The startup, which employs about 350 individuals, plans to utilize the investment to widen its reach to 50,000 schools across India over the next four years and expand its learning programs with courses across STEAM subjects in the coming months. For the latter part, it is looking to partner with education companies as well as people and entities developing high-quality content.
“The first wave of edtech companies in India have proven consumer interest in online education. However, they lacked a cost-effective distribution. We believe that there will be a new generation of edtech companies capable of building organic, low-cost distribution, allowing students to study at $10 per year rather than $10 per hour. Our investment in Uolo is based on our confidence in this type of company,” said Anton Farlenkov, Managing Director of Winter Capital, in a prepared statement.
Oh no, they added NFTs to Winamp • TechCrunch
Winamp version 5.9.1 is here, rejoice! The venerable — nay, aged — but reliable media player has been receiving sporadic updates over the last couple decades, but little truly new functionality has appeared (and that’s just fine by us users). But this new version brings an unexpected and thankfully optional feature: NFT playback.
No, this doesn’t just read out the current valuation of your various square avatars; NFT-type tech has been applied to music as well, offering the capability of limited releases of digital tracks the way you might have a limited vinyl run. At least that’s the idea — I don’t think it’s quite caught on, and with the cryptocurrency world currently in disarray, it’s hard to blame anyone for declining to take part in a potentially risky ecosystem.
“Winamp was a key part of the first digital music innovation, when mp3s changed the way we listen and enjoy music. Now we’re supporting the leading edge of the next one, as more and more artists explore web3 and its potential,” said Winamp CEO Alexandre Saboundjian in a press release.
As you may recall, Winamp was purchased by Radionomy in 2014, and in 2018 a new effort was announced to revivify the brand. The idea, Saboundjian told me at the time, was to act as a unifying layer for all the music services out there, so whether you use Apple Music or Spotify or Tidal or all three, you can just open Winamp and select a track or playlist. It opens up in a different interface, though.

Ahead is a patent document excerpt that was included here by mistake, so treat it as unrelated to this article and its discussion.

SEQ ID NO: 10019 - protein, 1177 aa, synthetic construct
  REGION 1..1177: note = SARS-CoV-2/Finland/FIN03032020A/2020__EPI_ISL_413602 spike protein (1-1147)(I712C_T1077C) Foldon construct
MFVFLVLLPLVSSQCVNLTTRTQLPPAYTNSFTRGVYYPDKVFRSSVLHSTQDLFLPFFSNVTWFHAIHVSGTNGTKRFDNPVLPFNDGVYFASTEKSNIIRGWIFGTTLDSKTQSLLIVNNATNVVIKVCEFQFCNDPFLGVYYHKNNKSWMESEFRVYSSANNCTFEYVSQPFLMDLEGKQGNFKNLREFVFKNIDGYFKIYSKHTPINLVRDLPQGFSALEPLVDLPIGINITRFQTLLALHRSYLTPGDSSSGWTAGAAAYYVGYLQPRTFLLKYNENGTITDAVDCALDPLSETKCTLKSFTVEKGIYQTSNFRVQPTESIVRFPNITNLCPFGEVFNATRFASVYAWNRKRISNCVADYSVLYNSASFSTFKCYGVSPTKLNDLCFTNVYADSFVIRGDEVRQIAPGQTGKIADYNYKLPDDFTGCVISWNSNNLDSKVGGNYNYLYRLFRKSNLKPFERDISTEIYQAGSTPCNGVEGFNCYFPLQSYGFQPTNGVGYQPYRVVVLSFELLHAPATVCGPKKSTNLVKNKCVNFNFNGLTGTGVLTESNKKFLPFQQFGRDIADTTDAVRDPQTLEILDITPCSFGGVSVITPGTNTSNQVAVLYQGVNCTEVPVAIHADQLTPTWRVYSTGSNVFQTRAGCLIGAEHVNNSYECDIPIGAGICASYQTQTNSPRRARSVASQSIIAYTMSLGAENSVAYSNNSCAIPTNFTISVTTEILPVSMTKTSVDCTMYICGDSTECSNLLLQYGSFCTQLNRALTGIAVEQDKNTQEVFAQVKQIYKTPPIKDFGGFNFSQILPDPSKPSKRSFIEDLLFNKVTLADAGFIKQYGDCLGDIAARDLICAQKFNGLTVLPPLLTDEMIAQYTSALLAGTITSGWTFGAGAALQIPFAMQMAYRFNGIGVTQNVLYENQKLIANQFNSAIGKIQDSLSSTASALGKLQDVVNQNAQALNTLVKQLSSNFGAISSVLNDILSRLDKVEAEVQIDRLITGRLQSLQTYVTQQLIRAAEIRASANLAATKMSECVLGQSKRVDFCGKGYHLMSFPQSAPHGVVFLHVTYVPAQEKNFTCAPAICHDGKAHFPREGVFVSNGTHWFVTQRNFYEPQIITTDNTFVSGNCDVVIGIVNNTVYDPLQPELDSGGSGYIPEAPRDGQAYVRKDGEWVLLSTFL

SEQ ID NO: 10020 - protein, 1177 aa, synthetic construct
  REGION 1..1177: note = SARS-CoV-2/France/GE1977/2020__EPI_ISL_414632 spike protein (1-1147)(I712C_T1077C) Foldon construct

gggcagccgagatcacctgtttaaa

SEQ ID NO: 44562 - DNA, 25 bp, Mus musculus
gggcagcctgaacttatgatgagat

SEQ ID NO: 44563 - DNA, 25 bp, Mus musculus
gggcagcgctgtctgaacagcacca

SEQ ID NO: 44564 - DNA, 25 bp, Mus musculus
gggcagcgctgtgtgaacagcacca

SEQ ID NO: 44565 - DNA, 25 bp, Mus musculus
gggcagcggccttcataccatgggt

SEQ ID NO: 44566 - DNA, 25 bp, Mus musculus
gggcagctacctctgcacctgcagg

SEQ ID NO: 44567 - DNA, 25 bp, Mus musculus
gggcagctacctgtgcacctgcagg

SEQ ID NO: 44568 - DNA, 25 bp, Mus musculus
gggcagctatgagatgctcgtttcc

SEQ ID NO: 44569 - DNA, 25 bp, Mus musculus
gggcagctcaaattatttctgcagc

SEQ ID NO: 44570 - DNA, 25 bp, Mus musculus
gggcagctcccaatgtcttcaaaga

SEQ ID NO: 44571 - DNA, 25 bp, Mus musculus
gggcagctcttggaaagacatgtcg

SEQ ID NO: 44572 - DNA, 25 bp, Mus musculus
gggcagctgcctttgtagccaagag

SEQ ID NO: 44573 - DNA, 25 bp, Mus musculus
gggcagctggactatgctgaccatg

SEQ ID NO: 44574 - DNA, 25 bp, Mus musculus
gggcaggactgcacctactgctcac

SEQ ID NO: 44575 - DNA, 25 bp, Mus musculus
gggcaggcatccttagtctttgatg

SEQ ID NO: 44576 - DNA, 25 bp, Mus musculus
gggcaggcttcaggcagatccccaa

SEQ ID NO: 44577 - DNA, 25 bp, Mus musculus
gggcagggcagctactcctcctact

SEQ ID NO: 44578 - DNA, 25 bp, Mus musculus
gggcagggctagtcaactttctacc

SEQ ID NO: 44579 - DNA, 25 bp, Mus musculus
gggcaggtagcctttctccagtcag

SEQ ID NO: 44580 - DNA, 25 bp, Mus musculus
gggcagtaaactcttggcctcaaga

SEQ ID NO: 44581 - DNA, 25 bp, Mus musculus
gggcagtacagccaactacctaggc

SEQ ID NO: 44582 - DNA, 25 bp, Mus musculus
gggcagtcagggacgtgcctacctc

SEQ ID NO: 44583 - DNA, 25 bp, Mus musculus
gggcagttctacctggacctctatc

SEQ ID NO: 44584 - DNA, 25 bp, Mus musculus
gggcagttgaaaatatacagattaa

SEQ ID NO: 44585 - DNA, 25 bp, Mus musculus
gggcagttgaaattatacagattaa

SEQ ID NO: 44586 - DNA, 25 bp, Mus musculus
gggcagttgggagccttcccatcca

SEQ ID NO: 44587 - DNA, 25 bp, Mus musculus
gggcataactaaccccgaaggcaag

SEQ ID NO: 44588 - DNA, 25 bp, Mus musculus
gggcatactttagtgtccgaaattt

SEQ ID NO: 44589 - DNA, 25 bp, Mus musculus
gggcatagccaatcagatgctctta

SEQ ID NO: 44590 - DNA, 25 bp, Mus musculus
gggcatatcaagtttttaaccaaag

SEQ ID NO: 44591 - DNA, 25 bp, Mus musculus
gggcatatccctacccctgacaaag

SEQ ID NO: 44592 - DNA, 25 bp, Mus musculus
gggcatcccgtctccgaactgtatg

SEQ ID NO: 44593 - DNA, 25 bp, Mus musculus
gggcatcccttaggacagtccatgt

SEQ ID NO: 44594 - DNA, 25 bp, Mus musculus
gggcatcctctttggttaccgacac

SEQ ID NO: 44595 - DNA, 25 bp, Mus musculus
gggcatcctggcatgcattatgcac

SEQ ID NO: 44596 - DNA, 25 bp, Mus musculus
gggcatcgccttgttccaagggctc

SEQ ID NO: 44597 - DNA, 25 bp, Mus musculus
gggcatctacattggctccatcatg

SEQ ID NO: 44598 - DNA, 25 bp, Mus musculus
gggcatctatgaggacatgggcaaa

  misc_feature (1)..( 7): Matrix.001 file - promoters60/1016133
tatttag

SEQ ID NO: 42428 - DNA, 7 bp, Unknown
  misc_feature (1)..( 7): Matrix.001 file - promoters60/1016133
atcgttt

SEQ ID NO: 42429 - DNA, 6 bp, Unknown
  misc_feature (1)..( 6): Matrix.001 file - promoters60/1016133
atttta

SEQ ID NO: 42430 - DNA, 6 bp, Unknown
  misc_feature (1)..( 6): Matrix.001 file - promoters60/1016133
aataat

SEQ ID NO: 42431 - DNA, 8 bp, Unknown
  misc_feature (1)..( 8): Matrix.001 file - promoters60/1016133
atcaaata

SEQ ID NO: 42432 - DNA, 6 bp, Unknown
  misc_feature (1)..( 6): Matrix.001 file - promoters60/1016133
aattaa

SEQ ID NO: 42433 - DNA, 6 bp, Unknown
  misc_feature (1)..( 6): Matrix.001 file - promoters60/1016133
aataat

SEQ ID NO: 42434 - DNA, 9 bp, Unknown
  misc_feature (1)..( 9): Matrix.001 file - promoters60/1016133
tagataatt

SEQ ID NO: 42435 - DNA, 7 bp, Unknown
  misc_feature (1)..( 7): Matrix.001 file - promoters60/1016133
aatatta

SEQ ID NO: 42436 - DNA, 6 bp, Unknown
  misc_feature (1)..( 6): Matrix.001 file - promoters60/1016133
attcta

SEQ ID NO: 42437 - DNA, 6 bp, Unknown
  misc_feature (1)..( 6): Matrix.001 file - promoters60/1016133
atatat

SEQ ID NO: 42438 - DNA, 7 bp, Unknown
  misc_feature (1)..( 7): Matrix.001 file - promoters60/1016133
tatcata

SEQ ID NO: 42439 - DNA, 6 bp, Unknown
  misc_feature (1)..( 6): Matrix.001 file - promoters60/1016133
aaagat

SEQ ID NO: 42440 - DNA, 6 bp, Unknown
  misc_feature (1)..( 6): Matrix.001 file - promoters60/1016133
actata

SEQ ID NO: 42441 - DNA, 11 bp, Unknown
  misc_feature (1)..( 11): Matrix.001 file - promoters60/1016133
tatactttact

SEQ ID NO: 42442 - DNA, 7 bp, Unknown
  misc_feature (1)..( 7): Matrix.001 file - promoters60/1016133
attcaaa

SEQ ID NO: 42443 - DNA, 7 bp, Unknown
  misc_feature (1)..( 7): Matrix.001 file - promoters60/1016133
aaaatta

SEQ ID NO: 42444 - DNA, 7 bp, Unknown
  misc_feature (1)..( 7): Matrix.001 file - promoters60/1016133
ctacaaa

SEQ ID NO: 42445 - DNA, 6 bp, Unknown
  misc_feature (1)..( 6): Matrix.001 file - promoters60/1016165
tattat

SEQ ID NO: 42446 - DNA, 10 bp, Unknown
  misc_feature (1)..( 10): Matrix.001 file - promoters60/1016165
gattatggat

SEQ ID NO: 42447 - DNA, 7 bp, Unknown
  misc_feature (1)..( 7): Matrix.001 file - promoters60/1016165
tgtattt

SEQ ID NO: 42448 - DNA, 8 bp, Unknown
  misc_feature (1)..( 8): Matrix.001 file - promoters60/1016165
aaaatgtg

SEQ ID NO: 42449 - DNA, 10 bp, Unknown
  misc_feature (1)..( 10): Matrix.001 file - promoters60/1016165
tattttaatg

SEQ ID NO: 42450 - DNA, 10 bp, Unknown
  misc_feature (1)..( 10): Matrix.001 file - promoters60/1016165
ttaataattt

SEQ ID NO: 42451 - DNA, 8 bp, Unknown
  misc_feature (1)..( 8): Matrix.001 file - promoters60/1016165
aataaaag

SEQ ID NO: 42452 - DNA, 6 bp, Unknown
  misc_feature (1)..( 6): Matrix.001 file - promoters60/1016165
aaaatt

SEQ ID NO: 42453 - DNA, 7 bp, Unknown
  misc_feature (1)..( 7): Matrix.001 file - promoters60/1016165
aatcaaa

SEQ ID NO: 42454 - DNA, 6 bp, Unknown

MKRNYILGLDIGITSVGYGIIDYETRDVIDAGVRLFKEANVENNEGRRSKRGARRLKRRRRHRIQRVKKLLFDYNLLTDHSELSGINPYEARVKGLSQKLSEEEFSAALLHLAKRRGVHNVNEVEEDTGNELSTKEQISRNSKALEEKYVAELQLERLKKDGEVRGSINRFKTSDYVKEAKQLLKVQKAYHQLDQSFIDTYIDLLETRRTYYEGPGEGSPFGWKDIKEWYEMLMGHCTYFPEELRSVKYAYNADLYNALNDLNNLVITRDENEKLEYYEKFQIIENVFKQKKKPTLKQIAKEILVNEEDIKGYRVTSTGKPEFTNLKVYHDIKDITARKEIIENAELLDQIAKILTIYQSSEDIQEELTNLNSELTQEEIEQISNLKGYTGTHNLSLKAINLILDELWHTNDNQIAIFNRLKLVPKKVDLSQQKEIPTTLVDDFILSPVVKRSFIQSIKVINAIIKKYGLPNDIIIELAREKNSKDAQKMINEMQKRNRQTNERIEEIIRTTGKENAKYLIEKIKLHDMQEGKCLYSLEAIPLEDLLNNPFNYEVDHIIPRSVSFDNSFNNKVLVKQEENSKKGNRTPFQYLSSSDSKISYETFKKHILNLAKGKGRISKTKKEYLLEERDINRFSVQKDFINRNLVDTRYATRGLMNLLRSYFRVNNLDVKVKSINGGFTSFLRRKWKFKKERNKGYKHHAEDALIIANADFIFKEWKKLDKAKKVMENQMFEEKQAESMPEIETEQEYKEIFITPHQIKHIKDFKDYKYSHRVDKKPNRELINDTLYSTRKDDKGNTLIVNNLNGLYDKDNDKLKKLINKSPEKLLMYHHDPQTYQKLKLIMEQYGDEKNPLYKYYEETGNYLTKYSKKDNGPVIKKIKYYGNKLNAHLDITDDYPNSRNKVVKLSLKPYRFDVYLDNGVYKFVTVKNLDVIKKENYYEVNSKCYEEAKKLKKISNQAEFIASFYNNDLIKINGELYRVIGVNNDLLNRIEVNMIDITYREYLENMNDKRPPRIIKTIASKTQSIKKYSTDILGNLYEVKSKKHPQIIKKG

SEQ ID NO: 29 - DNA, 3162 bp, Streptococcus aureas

That unified experience hasn’t exactly come to pass. In fact the redone app still counts an equalizer among its “coming soon” features. So it’s a little odd to hear that a functioning NFT layer arrived first:
Winamp’s latest version lets music fans link their Metamask wallet via Brave, Chrome, or Firefox to Winamp. It then connects their favorite music NFTs to their tried-and-true player. Winamp supports audio and video files distributed under both the ERC-721and ERC-1155 standards, and is launching this new feature for Ethereum and Polygon/Matic protocols.
To be clear, the fabled new unified player still seems to be a distant prospect. It’s the original, old-school player that’s getting the new feature, alongside a boatload of bug fixes and optimizations. The changes are listed, as they pretty much always have been, in a post on the Winamp forum, followed by ardent thanks from the community and obscure bug reports.
I for one am grateful that this piece of software is still actively maintained. I won’t be using the NFT function, but it’s just one of many things added in 5.9.1, and as soon as the rest of the Winamp users (there are dozens of us!) get around to testing it for me, I’ll go ahead and download it. After all, it really still whips the llama’s ass.
6 extremely online books to gift your most internet-obsessed friends • TechCrunch
I like the internet. There, I said it. I spend my entire day writing about the internet, and then in my leisure time, I read books about how the internet shapes our lives. I might have a work-life balance problem, but I can’t help it. I mean, music journalists still listen to music, right? Chefs still cook at home? So I can enjoy some critical thinking about the internet in my spare time, as a treat. After all, internet culture is just flat out culture at this point, and hey, who doesn’t consume culture?
Should I go outside and touch grass? Probably! But I can touch grass while reading a book, duh. Plus, I’m pretty sure that none of these books mention Elon Musk, so if that’s not a sell for you in this day in age, I don’t know what is.
This article contains links to affiliate partners where available. When you buy through these links, TechCrunch may earn an affiliate commission.
“README.txt” by Chelsea Manning
“The free internet at Barnes & Noble is… not fast,” begins Chelsea Manning’s memoir. In the midst of a snowstorm in early 2010, Manning sent over 700,000 classified and sensitive documents to WikiLeaks that she smuggled off of U.S. Army computers while serving as an intelligence analyst. Of course, this is a story we already know, since it’s been in and out of the news for the last twelve years: Manning’s leaks revealed the true nature of U.S. military action in Iraq and Afghanistan.
Manning’s book lets us hear her side of the story: how homophobia and abuse in her childhood home drove her to join the army in the first place; the pain she endured while serving in the army as a then-closeted transgender woman in the era of Don’t Ask Don’t Tell; and how she risked her life to share information that she believed the public desperately needed to access.
Manning’s life is far from ordinary — she’s a famous, highly controversial whistleblower who spent 7 years in prison and publicly transitioned while in custody. But the internet is a surprisingly ordinary through-line in her story (she even describes herself as “extremely online” in the book). Like so many queer people, Manning found solace and community on the internet, where anonymity helped her explore her identity when it wasn’t safe (or legal, in the case of the military at the time) to be herself IRL.
Price: $19 from Amazon
“Everything I Need I Get From You” by Kaitlyn Tiffany